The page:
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rick lancellotti, 1991 Line Drive Pre Rookie IL #358, Pawtucket Red Sox

Player: Lancellotti, Rick

Card: 1991 Line Drive Pre Rookie IL #358

Position: 1B/OF

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Rick had gone to "every God-forsaken place on Earth, all because I just loved playing so much. It was kind of a rocky road," Lancellotti wrote. "I didn't choose the highway. I went by the back roads. I played for seventeen years and only got about ninety days in the big leagues. But you learn a lot doing it that way."

Richard Anthony Lancellotti (born July 5, 1956 in Providence, RI) is a former first baseman-outfielder in Major League Baseball who played for the San Diego Padres (1982), San Francisco Giants (1986) and Boston Red Sox (1990).

Rick was a slugger who won three home run crowns in the minors, one in Japan and one in the Senior Professional Baseball Association. A .252 hitter in the minors, he smacked 348 home runs in his professional career (not counting winter ball), set a minor league record with 276 home runs, but but only two in the major leagues. He topped 100 RBI three times in the minor leagues. A combination of low OBPs and defensive question marks prevented him from getting many chances in The Show. Rick played in the United States, Mexico, Colombia, Venezuela, Italy and Japan.

In 1979, Lancellotti was named the Eastern League most valuable player after he led the league with 41 home runs and 107 runs batted in while playing for the Buffalo Bisons, the Double-A affiliate of the Pittsburgh Pirates. On August 5, 1980, Lancellotti, along with Luis Salazar, was traded to the San Diego Padres for a player to be named later and Kurt Bevacqua. The Padres later sent Mark Lee to Pittsburgh to complete the trade. He made his Major League debut with the San Diego Padres in 1982, appearing in 17 games.

Lancellotti’s joy at being in the majors soon turned to despair when, playing left field in a September 8 game in Cincinnati, he injured his shoulder running into a fence on a ball hit over his head by Ron Oester. San Diego was leading 4-1 in the sixth with two runners on and two out. Despite running into the fence, Rick made a run-saving catch.

That injury, for all intents and purposes, ended his season, in part because of an ensuing confrontation provoked by manager Williams. Dick Williams managed through intimidation. He wanted Rick to report to him at 2 p.m. the next day for treatment. Rick was 15 minutes late because of highway construction. As he told it, a heated conversation provoked by Williams ended with Williams telling Lancellotti that he would never play for him again.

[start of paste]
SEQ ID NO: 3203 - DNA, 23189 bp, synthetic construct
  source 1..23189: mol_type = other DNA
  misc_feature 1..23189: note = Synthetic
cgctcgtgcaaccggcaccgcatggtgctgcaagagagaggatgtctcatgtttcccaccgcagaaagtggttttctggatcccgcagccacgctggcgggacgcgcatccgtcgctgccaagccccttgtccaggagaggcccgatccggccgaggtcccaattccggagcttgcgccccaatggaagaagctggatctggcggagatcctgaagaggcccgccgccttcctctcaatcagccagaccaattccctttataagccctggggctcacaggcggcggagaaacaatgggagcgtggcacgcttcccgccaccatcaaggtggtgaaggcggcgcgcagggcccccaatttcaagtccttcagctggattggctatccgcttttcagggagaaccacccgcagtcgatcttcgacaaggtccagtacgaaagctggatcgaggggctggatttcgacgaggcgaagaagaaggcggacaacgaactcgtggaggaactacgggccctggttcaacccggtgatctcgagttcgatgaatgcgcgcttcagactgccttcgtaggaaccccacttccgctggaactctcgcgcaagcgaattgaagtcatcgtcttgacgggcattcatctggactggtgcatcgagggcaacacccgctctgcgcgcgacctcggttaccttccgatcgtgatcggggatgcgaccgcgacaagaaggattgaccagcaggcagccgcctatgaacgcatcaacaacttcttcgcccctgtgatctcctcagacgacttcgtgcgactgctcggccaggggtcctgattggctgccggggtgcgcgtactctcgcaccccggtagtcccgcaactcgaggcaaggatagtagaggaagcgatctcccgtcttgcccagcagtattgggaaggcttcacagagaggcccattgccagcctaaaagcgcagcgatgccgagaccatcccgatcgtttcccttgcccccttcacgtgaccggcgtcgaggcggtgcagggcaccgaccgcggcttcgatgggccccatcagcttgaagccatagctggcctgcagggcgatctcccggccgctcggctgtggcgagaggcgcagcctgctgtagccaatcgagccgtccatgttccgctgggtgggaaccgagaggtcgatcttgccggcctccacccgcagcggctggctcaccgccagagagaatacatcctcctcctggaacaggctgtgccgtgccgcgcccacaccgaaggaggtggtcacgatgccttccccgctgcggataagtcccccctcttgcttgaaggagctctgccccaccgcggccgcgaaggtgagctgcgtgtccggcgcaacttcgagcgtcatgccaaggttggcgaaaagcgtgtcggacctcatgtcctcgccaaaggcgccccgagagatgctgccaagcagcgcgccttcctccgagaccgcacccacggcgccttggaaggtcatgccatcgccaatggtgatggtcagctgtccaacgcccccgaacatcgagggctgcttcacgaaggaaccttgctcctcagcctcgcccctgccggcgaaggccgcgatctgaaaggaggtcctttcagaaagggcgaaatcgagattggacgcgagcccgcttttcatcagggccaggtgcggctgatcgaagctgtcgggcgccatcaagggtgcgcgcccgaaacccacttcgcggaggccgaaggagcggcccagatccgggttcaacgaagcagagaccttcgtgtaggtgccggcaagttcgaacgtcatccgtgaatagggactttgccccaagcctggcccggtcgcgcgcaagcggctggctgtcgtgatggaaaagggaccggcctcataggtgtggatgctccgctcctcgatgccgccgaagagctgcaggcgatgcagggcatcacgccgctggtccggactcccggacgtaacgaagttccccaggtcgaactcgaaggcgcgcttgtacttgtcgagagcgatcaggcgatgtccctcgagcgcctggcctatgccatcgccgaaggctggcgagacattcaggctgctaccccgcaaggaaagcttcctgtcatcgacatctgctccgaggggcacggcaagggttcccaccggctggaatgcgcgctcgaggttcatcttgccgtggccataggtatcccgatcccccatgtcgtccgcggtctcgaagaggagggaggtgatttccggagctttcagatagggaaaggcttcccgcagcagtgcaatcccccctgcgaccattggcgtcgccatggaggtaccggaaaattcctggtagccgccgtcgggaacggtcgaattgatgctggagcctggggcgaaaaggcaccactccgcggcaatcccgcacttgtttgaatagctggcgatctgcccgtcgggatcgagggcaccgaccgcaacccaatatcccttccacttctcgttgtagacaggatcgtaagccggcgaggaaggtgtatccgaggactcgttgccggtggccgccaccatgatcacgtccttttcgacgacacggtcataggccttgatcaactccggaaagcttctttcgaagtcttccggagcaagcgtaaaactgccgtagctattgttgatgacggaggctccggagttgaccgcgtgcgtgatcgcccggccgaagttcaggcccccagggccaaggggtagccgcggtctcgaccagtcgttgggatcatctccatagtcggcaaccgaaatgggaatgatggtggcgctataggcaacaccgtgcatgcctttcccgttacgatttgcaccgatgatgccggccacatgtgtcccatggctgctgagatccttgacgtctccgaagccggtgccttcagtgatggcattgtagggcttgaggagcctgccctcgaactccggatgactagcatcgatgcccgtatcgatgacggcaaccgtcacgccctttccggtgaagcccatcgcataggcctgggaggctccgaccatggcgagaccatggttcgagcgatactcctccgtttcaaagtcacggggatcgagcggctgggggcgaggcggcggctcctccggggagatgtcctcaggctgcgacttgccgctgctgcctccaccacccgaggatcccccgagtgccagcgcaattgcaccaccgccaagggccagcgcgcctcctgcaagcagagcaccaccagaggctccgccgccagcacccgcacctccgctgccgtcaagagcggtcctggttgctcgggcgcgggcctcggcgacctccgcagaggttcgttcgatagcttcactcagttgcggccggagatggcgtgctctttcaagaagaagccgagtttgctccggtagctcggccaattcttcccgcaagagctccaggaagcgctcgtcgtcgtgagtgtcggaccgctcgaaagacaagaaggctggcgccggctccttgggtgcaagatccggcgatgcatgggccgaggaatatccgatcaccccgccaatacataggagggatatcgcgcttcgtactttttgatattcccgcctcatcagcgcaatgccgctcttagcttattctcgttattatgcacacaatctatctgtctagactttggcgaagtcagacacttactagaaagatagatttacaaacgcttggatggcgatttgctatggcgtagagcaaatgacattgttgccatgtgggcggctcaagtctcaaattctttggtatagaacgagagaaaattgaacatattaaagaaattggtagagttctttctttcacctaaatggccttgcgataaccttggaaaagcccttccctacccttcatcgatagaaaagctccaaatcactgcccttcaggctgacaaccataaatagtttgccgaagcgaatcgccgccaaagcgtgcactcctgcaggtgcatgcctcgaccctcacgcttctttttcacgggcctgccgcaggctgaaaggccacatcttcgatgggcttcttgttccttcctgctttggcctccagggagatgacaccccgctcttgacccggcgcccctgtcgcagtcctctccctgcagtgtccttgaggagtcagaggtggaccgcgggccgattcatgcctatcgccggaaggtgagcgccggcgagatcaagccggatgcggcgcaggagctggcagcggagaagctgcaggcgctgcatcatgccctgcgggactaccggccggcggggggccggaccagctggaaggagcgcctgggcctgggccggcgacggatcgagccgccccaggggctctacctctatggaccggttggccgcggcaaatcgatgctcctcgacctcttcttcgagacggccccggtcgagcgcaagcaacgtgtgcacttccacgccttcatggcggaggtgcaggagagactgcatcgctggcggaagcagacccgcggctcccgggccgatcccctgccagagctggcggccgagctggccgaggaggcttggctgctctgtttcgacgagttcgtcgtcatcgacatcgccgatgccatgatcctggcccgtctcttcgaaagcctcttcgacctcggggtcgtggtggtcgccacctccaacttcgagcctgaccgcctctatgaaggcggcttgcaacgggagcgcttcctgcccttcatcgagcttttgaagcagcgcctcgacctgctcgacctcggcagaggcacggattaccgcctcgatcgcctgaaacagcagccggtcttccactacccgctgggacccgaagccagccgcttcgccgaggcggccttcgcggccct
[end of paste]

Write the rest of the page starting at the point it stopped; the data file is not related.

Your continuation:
He spent 1992, his 16th and final year as a player, in the Italian Baseball League, playing with the city of Parma Angels. The schedule was to his liking: three days of practice, two game days, and two days off. He hit .315 in 36 games, with seven home runs and 37 RBIs. After that, at the age of 36, he retired as a player.

In 1995 he told The Sporting News "the union doesn't care about minor league guys…guys are trying to make a living down here. Why couldn't they cut 1 percent off the major league salaries and distribute it to minor leaguers?….How many swimming pools do you need?"

He and his family (his wife, Debra, the daughter of Jim Ludtka, a minor leaguer in the 1950s, and two children settled in Clarence, New York, a suburb of Buffalo. He was a prominent figure in baseball in the Buffalo area, where he operated sporting goods stores. In 1993 he began the Buffalo School of Baseball in Cheektowaga, New York and for a period he was an assistant coach of the baseball team at Erie Community College.

Rick gained induction into the Buffalo Baseball Hall of Fame in August 1995. His daughter, Katie Lancellotti, played NCAA Division I softball at Canisius College from 2009 to 2012.

(excerpted from Baseball Almanac, BR Bullpen, Centerfield Maz, SABR & Wikipedia)


This player has no additional cards on Baseball Amore.


Rick is part of the New York/SF Giants Players Tour – Go To the Next Stop

Rick is also part of the Red Sox Players Tour – Go To the Next Stop

See Rick’s baseball cards at TCDB

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